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World Snooker

Beijing’s China Open becomes second most lucrative event on the snooker calendar after million-pound cash injection

Winner’s cheque will now be worth £225,000 at the April 1-8 event, almost tripling what the victory was worth last season

PUBLISHED : Monday, 22 January, 2018, 11:20am
UPDATED : Monday, 22 January, 2018, 10:52pm

Governing body World Snooker announced on Sunday that the Beijing-based China Open will become only the second event on the tournament calendar to offer £1 million (HK$10.8 million) in prize money this season.

The bonanza is being put up by joint-promoters Star Xing Pai and Beijing Fuhua Culture Tourism Development Ltd. Co. as part of a new four-year deal.

The cash injection means that the winner’s cheque will be worth £225,000 at the April 1-8 event, almost tripling what the victory was worth last season.

The move makes the event the second most lucrative on the tour behind the flagship World Championship, which is held at the Crucible Theatre in Sheffield, England and offers winning prize money of £425,000.

The China Open was first held in the Chinese capital in 2005 when a precocious Ding Junhui exploded onto the scene at 18 years old sparking a wave of interest in the sport across the country.

World Snooker chairman Barry Hearn said the new deal cements the China Open as the top event in Asia.

“This is a fantastic announcement which establishes the China Open in Beijing as the flagship tournament in Asia,” Hearn said on worldsnooker.com.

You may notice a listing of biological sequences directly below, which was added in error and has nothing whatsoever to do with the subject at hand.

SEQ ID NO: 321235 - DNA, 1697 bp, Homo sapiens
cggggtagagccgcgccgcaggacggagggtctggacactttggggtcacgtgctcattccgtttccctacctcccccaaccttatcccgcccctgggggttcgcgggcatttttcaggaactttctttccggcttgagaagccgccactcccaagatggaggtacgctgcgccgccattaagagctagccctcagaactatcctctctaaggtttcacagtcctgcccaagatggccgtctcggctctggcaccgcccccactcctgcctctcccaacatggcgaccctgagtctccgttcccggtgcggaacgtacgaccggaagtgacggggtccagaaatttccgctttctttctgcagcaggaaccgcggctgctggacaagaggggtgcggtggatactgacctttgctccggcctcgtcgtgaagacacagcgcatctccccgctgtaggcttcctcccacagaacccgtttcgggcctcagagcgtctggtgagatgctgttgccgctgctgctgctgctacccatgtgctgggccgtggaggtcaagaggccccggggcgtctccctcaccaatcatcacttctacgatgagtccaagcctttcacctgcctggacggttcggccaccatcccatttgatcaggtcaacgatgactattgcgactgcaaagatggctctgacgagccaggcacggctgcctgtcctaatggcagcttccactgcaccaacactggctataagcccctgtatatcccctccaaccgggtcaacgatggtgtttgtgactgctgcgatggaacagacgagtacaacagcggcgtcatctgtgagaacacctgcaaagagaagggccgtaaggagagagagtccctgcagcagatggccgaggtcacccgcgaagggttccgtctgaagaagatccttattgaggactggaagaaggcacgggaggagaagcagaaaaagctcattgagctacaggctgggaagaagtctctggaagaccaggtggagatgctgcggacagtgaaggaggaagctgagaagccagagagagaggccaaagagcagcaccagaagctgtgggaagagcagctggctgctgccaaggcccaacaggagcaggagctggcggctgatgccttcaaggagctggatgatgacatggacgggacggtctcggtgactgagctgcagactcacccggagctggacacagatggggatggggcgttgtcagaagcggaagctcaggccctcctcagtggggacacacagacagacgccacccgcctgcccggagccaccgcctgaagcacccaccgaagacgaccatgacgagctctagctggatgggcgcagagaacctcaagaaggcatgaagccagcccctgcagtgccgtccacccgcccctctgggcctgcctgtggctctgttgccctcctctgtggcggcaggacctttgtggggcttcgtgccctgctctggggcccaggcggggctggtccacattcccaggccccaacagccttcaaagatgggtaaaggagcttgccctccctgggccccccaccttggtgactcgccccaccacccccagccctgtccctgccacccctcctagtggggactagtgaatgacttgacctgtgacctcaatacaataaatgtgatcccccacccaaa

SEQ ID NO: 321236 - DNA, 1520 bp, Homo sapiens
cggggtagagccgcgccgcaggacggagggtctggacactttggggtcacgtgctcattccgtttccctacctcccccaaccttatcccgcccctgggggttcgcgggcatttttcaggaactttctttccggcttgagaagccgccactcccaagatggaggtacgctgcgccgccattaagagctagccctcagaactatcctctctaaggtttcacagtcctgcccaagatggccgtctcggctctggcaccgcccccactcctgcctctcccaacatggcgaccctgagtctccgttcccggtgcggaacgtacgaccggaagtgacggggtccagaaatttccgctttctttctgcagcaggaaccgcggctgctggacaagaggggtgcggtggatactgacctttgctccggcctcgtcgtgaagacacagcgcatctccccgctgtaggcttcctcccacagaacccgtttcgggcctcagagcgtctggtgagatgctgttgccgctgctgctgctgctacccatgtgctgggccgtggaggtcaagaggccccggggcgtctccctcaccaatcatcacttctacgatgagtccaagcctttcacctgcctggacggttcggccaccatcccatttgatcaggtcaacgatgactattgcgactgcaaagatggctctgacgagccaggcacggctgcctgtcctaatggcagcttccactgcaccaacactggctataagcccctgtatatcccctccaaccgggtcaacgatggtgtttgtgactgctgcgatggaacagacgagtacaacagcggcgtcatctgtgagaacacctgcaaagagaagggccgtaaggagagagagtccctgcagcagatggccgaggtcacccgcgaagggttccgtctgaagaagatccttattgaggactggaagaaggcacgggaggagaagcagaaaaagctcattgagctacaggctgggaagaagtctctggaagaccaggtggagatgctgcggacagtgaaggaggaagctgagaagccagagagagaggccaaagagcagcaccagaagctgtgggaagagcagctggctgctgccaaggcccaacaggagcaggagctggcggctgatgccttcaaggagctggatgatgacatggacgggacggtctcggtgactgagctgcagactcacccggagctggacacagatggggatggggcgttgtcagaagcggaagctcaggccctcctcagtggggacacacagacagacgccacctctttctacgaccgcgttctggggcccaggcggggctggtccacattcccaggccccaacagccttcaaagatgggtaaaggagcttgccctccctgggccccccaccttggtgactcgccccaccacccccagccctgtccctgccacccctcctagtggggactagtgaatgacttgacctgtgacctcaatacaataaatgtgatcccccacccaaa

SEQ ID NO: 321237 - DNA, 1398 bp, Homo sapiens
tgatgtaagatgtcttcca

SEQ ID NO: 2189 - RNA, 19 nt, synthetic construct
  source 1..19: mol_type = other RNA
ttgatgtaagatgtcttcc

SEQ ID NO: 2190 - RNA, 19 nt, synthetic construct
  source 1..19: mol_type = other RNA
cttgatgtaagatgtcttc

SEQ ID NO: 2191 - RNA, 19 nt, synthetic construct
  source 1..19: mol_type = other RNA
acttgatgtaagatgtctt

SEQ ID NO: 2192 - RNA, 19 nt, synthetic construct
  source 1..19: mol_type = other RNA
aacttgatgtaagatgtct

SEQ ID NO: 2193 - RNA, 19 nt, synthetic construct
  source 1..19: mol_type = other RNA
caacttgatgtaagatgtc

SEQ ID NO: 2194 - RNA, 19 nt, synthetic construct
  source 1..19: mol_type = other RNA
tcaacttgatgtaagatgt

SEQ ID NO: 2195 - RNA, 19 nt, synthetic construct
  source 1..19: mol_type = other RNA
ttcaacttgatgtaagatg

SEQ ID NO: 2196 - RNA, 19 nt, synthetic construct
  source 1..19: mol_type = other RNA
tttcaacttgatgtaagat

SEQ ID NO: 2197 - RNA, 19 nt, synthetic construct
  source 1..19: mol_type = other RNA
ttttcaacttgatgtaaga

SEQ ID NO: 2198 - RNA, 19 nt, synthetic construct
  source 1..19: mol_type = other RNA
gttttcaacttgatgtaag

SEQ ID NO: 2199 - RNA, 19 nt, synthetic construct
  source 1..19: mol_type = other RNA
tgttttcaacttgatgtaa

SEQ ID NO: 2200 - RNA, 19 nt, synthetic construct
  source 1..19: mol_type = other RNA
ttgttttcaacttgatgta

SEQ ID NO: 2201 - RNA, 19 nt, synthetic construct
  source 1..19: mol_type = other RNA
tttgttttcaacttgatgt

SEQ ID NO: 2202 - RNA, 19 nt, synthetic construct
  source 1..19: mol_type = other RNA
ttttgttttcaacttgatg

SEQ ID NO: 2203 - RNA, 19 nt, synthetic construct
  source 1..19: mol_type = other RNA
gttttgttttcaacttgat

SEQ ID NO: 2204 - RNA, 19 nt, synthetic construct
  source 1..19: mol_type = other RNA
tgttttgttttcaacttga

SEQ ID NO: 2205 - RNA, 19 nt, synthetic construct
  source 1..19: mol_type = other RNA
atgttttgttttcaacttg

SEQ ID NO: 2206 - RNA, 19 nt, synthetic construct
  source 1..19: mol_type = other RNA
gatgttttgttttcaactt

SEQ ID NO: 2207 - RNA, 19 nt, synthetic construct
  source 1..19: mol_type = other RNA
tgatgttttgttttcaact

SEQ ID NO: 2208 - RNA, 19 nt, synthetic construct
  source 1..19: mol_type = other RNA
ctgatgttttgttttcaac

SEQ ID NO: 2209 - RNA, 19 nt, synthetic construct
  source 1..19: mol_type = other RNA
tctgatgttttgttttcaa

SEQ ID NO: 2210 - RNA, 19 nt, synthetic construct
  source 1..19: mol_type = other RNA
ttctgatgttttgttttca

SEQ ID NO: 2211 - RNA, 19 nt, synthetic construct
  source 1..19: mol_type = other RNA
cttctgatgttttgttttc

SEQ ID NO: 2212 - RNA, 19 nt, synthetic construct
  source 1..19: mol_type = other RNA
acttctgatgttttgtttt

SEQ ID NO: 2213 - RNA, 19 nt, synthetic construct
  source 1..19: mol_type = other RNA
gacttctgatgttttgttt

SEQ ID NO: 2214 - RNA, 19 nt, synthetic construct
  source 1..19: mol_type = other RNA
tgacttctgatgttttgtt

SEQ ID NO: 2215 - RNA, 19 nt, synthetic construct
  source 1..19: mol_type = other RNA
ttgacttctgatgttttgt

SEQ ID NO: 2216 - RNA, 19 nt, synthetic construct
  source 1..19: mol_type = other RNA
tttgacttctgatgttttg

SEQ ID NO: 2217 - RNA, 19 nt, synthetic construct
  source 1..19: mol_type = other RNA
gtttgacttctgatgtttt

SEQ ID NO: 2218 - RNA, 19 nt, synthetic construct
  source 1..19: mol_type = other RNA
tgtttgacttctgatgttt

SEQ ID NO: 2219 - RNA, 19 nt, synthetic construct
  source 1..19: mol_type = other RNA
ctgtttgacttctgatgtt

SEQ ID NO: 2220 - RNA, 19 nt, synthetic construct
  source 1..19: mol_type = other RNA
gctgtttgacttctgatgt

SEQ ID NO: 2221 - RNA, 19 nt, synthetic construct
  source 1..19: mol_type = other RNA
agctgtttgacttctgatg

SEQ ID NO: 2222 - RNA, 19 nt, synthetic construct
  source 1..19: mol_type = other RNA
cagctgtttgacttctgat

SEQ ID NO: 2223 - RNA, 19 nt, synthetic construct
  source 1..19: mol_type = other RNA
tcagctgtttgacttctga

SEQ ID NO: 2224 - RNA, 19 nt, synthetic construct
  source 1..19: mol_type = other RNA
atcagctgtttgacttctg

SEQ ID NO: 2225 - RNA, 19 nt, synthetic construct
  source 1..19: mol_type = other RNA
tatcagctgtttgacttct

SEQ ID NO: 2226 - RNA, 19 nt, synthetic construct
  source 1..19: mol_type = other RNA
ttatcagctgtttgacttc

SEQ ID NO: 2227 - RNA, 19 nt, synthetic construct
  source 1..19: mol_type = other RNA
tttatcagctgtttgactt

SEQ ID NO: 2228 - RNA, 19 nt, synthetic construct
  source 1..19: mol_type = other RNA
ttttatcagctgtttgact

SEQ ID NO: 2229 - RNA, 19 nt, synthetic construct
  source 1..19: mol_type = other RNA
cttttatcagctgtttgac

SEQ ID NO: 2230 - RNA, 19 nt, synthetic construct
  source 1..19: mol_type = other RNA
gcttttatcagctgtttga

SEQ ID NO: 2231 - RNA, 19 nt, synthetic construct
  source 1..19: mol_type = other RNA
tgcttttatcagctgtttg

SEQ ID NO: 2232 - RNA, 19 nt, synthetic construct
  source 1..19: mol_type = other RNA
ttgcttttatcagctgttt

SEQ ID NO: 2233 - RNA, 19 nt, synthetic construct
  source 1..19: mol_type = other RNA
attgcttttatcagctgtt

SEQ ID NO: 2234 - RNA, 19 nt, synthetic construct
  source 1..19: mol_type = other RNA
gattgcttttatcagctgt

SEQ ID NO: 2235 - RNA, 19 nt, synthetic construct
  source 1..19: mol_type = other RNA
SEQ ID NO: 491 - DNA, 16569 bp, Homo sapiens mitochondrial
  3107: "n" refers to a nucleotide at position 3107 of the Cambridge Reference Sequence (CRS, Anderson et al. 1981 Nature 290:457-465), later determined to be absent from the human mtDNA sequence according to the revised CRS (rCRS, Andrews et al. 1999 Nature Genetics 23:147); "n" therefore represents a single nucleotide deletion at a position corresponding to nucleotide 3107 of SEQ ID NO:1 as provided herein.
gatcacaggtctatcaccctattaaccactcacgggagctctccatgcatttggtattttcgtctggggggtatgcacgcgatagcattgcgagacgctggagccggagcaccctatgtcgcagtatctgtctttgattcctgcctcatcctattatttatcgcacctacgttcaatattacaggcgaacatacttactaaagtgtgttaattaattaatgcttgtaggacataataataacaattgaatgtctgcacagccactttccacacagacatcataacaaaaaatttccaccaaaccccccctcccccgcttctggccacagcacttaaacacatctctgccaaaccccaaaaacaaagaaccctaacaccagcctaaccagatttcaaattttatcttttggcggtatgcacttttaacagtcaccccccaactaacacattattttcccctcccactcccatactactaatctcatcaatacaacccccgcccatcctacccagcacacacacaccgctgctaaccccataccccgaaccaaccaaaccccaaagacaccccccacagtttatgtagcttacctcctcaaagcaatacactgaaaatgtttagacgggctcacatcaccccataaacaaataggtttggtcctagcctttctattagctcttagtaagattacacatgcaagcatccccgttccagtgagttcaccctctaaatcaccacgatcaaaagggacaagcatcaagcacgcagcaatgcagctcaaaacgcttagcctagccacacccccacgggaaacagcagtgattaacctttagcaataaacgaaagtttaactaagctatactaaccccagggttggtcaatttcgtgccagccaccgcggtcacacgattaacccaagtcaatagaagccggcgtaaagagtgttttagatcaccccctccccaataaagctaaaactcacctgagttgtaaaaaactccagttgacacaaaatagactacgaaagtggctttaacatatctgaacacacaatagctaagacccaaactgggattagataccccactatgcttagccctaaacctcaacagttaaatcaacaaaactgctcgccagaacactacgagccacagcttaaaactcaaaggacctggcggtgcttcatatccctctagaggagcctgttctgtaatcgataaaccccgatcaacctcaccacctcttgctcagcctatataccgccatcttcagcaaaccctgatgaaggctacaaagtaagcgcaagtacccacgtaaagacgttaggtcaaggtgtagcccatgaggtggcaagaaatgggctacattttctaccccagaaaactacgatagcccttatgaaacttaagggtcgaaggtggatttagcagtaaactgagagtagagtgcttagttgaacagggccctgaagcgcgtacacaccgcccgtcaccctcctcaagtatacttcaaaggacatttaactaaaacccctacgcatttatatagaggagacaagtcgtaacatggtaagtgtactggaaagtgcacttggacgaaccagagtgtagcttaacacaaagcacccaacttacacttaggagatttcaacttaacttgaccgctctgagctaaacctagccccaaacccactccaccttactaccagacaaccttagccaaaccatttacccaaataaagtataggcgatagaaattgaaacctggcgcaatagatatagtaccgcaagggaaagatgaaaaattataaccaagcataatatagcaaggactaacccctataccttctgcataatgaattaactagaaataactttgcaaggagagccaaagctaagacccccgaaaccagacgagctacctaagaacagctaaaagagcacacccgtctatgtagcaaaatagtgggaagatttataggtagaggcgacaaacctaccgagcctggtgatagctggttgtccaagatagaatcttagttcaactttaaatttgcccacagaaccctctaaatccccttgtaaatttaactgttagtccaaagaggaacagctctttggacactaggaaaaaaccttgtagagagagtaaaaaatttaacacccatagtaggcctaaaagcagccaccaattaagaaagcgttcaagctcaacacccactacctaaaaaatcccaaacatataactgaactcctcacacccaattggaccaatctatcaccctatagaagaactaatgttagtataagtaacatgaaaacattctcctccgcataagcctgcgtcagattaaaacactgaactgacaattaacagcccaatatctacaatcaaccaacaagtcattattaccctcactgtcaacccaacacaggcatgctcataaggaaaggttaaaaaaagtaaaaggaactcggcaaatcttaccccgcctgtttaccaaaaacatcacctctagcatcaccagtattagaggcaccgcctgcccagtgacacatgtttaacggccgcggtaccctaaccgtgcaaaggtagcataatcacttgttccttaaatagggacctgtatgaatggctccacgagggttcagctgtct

At £1 million a year, Hong Kong can regain its status on the world snooker tour

“It’s remarkable to think that back in 2005 when this event was first staged, the total prize fund was only £200,000 and the top prize £30,000 – that shows how far we have come in the past 13 years in terms of the growth of snooker in China.

“This is a great deal for the players, whose earning opportunities have never been better, and the fans who have this superb event secured for the next four years. We look forward to working with the Star Xing Pai and Beijing Fuhua teams for many years to come.”

Hong Kong hosted its first top-level event in the city since the early 1990s in 2017 as part of its 20th anniversary of the handover celebrations.

The event was a resounding success and Hearn said at the time that the future of the event depended on organisers securing £1 million in funding to continue to host the tournament.

On the chances of persisting with the Hong Kong event Hearn said: “We want them to say, ‘Bazza, we had a great time and snooker’s back. We have the funds’.

“The money is substantial, more than £1 million, but sport at the top level is expensive. I just need one phone call and despite my ongoing years, I’m on a plane [to Hong Kong] the next day to sign up.”